Mitch Ibach, OD, FAAO, shares highlights from his VEW 2022 presentation, "Visual fields, a virtual reality."
Mitch Ibach, OD, FAAO, optometrist with Vance Thompson Vision in Sioux Falls, sat down with Optometry Times® editor Kassi Jackson to share hightlights from his presentation, "Visual fields, a virtual reality," which they presented during this year's Vision Expo West in Las Vegas.
This transcript has been lightly edited for clarity:
I'm joined today by Dr. Mitch Ibach, optometrist with Vance Thompson Vision in Sioux Falls, South Dakota. He's here to share highlights from his discussion titled, "Visual fields, a virtual reality," which he is presenting during this year's Vision Expo West in Las Vegas.
Would you please just share with us the key takeaways from your presentation?
In 2022, we have more and more glaucoma patients. We have a growing, aging population, and there's going to be more of a demand for managing glaucoma in optometry as a whole.
I think managing glaucoma in 2022, at minimum, you have to have 4 pieces of diagnostic technology: 1) you have to be able to measure the eye pressure, 2) you have to be able to look at the optic nerve with a lens..., 3) you have to have an OCT of the retinal nerve fiber layer in ganglion cells, and 4) then you have to have some type of perimetry or visual field.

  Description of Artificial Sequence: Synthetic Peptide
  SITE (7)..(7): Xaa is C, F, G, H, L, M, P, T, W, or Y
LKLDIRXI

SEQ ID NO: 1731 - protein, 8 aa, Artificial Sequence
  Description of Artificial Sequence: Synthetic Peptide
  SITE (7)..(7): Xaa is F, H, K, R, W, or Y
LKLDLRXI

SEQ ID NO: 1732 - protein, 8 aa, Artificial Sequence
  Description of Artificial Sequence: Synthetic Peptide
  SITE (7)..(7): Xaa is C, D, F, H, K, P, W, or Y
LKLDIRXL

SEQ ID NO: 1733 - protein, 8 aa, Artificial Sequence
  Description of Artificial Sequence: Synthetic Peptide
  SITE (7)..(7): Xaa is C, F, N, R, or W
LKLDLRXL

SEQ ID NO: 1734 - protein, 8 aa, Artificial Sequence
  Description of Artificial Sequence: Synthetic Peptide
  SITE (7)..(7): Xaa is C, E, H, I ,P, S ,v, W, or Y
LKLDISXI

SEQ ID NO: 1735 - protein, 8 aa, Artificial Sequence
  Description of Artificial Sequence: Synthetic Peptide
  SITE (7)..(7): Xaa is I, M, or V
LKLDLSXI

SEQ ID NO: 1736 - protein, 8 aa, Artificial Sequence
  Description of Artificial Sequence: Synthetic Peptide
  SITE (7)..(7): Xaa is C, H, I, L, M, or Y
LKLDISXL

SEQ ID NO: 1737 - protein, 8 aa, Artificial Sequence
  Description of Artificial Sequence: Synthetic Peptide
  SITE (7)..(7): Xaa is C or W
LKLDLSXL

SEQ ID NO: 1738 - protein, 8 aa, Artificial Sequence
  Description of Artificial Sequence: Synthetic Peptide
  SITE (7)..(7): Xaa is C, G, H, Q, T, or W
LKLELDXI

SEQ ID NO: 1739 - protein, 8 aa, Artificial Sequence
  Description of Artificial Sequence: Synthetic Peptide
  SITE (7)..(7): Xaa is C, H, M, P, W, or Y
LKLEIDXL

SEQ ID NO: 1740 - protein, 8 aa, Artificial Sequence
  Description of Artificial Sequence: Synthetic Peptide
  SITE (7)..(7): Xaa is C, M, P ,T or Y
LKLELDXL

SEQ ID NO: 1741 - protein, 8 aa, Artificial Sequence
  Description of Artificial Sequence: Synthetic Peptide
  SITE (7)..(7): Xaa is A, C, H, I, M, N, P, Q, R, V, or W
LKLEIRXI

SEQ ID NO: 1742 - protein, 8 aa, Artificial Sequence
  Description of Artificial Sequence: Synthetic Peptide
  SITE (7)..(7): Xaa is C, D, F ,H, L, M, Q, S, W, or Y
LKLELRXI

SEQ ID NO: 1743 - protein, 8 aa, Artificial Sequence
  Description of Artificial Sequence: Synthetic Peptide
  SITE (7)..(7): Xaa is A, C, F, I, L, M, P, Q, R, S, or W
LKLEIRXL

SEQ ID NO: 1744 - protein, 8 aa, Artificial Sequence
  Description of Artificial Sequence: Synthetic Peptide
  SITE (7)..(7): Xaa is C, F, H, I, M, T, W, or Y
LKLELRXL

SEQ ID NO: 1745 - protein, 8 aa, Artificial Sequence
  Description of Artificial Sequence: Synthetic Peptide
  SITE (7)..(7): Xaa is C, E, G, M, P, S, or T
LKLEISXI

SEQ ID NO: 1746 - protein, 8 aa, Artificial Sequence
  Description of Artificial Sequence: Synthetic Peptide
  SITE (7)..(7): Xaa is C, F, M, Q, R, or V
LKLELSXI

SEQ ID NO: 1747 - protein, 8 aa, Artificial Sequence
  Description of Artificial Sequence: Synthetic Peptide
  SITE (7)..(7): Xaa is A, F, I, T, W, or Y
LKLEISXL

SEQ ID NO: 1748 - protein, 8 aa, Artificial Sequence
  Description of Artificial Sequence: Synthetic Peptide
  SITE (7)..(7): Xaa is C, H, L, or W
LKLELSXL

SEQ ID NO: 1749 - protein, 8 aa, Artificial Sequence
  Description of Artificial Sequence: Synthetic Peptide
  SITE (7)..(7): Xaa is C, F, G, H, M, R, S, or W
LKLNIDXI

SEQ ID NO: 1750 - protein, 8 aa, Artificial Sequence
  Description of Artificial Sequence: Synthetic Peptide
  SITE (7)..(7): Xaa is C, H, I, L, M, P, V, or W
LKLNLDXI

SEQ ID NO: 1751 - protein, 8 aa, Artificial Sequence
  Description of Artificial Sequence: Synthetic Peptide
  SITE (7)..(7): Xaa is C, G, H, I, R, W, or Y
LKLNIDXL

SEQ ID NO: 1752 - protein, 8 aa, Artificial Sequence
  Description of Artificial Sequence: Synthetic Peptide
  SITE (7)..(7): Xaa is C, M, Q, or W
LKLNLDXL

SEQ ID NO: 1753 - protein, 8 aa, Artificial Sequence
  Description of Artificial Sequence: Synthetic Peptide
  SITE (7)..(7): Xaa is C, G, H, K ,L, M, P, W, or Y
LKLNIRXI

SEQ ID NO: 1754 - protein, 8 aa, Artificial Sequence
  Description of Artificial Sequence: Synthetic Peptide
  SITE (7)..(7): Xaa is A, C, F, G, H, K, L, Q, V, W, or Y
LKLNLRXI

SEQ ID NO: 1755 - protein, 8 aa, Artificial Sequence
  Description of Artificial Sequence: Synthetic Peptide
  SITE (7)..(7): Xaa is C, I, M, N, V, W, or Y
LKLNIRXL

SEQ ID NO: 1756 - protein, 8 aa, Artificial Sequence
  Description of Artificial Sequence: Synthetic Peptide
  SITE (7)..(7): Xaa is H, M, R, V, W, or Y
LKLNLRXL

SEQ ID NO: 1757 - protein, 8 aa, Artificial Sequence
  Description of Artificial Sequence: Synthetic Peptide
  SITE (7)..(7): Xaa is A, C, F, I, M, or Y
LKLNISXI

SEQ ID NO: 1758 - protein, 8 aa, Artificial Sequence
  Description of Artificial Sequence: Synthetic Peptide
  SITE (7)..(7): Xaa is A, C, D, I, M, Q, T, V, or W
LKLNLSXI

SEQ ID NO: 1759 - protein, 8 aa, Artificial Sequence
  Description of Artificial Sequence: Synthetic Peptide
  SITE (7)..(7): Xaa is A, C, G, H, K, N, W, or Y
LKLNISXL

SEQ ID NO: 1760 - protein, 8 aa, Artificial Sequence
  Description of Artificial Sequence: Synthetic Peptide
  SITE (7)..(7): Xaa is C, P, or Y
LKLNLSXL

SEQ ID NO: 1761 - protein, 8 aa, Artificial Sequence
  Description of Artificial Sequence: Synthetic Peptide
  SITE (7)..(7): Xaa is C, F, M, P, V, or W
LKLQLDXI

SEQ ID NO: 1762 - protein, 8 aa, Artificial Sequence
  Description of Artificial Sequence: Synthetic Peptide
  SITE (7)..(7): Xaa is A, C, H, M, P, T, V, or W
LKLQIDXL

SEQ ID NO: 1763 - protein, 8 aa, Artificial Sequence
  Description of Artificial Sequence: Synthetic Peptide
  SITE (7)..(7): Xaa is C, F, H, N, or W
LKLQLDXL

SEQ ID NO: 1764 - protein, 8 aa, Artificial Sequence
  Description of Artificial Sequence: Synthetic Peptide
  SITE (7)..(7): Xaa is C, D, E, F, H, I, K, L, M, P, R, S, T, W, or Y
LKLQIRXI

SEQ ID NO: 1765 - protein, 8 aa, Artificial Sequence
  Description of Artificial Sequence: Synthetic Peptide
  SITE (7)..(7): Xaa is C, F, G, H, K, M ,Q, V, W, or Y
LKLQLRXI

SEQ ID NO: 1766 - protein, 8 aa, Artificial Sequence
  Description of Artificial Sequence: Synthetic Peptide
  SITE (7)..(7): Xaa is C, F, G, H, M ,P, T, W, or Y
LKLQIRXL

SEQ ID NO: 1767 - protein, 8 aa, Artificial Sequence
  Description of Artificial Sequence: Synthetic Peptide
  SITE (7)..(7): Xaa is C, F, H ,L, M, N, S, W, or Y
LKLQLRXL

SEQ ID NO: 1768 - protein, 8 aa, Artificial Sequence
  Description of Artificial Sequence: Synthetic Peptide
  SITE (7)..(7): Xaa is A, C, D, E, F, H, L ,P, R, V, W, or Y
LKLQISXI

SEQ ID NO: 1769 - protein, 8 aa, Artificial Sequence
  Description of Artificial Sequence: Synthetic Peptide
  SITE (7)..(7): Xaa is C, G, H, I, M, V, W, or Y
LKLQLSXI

And that's ultimately the functional tests that our patients care about; that's what they don't want to lose.
And so this lecture is really a focus on visual fields as a whole. We'll talk about being able to answer the question of when to order a visual field, how to interpret a visual field; we'll look at the subsets of visual fields in patients with maybe neurologic conditions like stroke, we'll look at some retina conditions and how they affect the visual field. And then the meat of the discussion will be spent in glaucoma.
In glaucoma we'll talk about the initial kind of visual field defect monitoring for progression: is it a reliable field/something that we can gain value from? And then what's new in visual fields, because this is a changing space. There's some exciting new technologies that are coming to market. I don't think those technologies will replace what we currently have, but hopefully it can be additive and build on it, maybe allowing more patients to take visual fields and more doctors to be able to employ them.